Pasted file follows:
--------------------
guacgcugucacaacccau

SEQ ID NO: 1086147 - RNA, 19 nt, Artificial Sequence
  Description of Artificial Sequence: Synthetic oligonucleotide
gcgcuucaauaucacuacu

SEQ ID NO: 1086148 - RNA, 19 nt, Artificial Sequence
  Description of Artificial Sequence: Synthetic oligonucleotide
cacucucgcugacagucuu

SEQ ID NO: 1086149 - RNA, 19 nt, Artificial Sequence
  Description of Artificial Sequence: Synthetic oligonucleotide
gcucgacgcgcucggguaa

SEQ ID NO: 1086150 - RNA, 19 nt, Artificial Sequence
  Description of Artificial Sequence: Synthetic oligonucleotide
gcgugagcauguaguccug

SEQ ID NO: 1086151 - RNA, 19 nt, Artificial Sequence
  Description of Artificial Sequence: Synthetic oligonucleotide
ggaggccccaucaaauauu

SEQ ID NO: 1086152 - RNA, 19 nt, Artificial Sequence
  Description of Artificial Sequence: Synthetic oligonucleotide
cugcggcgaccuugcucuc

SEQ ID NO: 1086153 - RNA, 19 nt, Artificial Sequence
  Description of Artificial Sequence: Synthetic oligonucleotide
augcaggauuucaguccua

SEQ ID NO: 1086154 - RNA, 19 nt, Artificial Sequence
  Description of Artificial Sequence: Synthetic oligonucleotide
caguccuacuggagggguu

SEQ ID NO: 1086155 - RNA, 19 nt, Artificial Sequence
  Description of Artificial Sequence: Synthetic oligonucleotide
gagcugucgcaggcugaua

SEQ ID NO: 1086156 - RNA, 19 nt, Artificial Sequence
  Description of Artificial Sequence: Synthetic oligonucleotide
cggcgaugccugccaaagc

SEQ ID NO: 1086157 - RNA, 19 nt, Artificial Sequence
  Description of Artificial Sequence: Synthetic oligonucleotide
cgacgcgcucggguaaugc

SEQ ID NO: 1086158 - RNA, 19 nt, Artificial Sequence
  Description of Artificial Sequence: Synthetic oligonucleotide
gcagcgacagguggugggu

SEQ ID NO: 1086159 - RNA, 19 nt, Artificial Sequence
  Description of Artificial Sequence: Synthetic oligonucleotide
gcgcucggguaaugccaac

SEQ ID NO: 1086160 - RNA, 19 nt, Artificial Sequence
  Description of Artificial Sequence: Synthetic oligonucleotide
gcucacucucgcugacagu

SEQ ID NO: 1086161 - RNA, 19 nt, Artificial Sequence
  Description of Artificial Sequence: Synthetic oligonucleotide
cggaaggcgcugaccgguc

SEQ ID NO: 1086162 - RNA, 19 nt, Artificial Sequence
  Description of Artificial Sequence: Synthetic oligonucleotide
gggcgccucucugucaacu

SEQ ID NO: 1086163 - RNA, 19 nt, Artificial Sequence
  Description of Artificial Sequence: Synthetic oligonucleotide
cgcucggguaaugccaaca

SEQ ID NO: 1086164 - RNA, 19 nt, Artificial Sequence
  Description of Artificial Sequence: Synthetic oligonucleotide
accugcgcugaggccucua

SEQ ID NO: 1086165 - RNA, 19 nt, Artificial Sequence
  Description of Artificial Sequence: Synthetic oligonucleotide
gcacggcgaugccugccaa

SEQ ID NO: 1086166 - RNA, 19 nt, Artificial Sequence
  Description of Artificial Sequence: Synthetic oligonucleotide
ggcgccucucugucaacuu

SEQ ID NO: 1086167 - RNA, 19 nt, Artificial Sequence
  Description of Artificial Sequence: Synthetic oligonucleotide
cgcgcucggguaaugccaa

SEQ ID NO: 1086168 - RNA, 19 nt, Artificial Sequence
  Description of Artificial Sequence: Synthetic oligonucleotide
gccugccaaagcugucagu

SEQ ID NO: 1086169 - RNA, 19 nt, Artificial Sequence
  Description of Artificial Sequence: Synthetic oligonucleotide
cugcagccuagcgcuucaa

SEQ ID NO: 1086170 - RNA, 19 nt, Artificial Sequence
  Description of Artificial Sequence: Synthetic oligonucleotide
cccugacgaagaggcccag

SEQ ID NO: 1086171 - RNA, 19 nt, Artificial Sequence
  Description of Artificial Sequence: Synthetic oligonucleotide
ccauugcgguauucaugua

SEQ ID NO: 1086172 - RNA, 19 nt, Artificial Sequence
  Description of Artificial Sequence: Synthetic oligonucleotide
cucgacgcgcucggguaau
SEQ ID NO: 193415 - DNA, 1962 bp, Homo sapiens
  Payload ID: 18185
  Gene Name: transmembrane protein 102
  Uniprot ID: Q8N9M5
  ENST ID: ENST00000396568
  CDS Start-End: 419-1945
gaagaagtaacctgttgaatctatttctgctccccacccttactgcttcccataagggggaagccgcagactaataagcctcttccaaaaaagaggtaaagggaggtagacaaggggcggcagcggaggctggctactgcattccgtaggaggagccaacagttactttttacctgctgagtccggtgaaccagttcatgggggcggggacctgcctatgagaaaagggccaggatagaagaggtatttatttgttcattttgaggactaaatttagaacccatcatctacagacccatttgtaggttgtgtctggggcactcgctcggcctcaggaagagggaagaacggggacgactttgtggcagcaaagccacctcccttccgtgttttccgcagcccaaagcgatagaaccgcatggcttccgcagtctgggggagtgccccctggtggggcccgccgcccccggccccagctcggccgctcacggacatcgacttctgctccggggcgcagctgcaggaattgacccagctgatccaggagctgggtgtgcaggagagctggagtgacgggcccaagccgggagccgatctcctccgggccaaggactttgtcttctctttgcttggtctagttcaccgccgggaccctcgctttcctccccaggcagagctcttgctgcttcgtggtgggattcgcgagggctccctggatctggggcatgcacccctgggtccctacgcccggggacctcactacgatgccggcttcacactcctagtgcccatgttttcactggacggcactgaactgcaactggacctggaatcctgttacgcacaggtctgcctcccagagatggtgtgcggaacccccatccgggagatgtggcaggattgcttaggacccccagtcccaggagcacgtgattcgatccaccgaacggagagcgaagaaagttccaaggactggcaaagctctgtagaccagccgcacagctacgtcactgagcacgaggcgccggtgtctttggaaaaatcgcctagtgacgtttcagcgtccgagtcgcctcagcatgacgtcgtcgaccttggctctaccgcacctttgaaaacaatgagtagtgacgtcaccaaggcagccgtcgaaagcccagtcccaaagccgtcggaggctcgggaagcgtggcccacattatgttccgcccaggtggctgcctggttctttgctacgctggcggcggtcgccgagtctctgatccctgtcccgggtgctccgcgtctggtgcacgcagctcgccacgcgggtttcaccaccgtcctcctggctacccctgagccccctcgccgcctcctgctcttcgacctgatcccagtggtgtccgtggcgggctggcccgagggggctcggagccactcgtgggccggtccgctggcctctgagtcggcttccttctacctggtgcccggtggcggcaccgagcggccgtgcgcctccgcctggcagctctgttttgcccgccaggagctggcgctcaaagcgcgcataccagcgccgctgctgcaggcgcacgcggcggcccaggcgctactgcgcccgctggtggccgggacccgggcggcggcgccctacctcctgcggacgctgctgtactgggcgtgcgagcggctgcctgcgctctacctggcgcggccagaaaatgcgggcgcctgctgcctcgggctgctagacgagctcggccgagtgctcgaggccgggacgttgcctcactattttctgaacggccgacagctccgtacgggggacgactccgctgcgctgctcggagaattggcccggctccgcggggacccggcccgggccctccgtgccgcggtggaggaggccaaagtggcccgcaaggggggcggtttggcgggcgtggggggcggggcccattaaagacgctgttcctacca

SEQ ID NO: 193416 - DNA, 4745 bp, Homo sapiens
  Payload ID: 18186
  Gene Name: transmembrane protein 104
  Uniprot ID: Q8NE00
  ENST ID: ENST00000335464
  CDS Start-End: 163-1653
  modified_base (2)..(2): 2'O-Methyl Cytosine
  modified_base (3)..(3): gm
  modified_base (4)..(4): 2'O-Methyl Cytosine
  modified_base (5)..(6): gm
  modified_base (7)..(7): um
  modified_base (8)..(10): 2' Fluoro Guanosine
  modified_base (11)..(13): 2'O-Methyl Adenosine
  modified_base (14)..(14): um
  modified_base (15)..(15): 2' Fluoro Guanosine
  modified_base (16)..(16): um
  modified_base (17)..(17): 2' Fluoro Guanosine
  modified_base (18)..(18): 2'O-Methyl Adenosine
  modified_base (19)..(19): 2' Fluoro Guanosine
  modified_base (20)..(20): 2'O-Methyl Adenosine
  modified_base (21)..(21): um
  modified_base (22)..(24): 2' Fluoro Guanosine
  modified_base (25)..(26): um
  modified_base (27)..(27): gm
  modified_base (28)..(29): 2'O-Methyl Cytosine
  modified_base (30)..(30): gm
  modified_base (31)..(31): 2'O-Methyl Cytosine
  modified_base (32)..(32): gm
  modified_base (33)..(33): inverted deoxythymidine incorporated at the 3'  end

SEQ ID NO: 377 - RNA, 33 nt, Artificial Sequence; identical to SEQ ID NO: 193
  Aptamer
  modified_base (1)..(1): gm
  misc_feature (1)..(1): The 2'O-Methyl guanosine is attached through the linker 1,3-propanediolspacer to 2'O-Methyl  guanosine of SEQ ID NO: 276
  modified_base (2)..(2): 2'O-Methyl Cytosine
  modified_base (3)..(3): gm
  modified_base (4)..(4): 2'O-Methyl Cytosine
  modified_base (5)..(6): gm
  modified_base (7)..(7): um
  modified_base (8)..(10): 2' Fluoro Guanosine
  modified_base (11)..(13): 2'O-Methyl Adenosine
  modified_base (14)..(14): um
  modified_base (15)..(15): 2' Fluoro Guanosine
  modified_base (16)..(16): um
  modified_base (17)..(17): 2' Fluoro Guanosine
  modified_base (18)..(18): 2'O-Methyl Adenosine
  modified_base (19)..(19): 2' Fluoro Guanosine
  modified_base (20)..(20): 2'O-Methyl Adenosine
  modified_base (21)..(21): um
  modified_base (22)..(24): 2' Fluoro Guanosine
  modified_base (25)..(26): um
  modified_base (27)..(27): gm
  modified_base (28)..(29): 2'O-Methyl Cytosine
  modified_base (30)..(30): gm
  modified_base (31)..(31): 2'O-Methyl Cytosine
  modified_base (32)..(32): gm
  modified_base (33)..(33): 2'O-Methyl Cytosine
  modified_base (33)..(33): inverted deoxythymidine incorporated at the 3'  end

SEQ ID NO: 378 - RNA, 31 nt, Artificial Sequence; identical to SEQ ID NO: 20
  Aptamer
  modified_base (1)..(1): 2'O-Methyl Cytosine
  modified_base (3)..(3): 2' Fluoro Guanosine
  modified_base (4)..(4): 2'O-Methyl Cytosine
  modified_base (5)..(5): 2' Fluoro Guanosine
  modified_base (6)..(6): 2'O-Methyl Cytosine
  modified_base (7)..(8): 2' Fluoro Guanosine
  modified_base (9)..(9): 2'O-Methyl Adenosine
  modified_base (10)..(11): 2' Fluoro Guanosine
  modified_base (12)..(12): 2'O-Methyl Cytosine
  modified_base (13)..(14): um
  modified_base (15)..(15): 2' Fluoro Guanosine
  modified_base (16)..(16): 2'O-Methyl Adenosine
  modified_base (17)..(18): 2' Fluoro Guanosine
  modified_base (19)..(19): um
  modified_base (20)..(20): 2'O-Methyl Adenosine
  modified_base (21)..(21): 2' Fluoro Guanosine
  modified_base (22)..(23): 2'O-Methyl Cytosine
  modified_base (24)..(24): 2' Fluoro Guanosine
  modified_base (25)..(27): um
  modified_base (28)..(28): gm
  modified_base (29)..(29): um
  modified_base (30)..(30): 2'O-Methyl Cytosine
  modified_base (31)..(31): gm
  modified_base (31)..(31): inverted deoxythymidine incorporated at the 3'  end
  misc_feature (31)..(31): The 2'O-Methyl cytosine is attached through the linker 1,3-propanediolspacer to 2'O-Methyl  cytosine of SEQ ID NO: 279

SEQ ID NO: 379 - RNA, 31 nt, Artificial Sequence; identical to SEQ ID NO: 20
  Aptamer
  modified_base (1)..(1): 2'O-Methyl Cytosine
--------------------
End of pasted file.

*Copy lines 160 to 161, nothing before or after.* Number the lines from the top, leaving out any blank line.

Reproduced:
  modified_base (20)..(20): 2'O-Methyl Adenosine
  modified_base (21)..(21): 2' Fluoro Guanosine